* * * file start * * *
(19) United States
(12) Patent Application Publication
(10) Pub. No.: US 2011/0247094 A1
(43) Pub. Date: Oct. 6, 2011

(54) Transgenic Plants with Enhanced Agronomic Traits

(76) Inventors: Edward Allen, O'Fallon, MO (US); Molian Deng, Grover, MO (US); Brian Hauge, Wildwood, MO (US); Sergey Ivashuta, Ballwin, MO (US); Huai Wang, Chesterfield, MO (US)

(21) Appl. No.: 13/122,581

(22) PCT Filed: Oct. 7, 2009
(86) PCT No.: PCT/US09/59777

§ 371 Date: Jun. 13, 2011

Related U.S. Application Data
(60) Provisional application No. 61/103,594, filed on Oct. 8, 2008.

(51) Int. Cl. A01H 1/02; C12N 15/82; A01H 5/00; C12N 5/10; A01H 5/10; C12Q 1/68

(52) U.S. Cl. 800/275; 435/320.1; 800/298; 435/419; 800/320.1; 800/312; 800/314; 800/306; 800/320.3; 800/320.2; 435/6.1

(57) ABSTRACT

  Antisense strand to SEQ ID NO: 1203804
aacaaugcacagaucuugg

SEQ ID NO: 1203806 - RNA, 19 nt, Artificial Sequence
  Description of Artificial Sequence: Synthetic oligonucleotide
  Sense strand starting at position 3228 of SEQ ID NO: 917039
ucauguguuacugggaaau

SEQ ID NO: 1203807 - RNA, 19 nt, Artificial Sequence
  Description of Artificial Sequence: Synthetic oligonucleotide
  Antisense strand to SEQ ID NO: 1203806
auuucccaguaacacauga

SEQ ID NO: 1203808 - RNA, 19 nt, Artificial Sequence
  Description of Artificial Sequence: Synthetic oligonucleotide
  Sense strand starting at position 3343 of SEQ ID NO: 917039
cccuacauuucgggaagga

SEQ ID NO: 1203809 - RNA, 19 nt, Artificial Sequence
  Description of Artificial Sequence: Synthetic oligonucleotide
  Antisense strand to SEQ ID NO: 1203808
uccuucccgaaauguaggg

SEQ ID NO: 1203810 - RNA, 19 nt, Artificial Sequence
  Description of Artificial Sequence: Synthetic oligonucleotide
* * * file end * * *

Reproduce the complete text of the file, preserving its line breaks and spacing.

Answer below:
(19) United States
(12) Patent Application Publication
(10) Pub. No.: US 2011/0247094 A1
(43) Pub. Date: Oct. 6, 2011

(54) Transgenic Plants with Enhanced Agronomic Traits

(76) Inventors: Edward Allen, O'Fallon, MO (US); Molian Deng, Grover, MO (US); Brian Hauge, Wildwood, MO (US); Sergey Ivashuta, Ballwin, MO (US); Huai Wang, Chesterfield, MO (US)

(21) Appl. No.: 13/122,581

(22) PCT Filed: Oct. 7, 2009
(86) PCT No.: PCT/US09/59777

§ 371 Date: Jun. 13, 2011

Related U.S. Application Data
(60) Provisional application No. 61/103,594, filed on Oct. 8, 2008.

(51) Int. Cl. A01H 1/02; C12N 15/82; A01H 5/00; C12N 5/10; A01H 5/10; C12Q 1/68

(52) U.S. Cl. 800/275; 435/320.1; 800/298; 435/419; 800/320.1; 800/312; 800/314; 800/306; 800/320.3; 800/320.2; 435/6.1

(57) ABSTRACT

  Antisense strand to SEQ ID NO: 1203804
aacaaugcacagaucuugg

SEQ ID NO: 1203806 - RNA, 19 nt, Artificial Sequence
  Description of Artificial Sequence: Synthetic oligonucleotide
  Sense strand starting at position 3228 of SEQ ID NO: 917039
ucauguguuacugggaaau

SEQ ID NO: 1203807 - RNA, 19 nt, Artificial Sequence
  Description of Artificial Sequence: Synthetic oligonucleotide
  Antisense strand to SEQ ID NO: 1203806
auuucccaguaacacauga

SEQ ID NO: 1203808 - RNA, 19 nt, Artificial Sequence
  Description of Artificial Sequence: Synthetic oligonucleotide
  Sense strand starting at position 3343 of SEQ ID NO: 917039
cccuacauuucgggaagga

SEQ ID NO: 1203809 - RNA, 19 nt, Artificial Sequence
  Description of Artificial Sequence: Synthetic oligonucleotide
  Antisense strand to SEQ ID NO: 1203808
uccuucccgaaauguaggg

SEQ ID NO: 1203810 - RNA, 19 nt, Artificial Sequence
  Description of Artificial Sequence: Synthetic oligonucleotide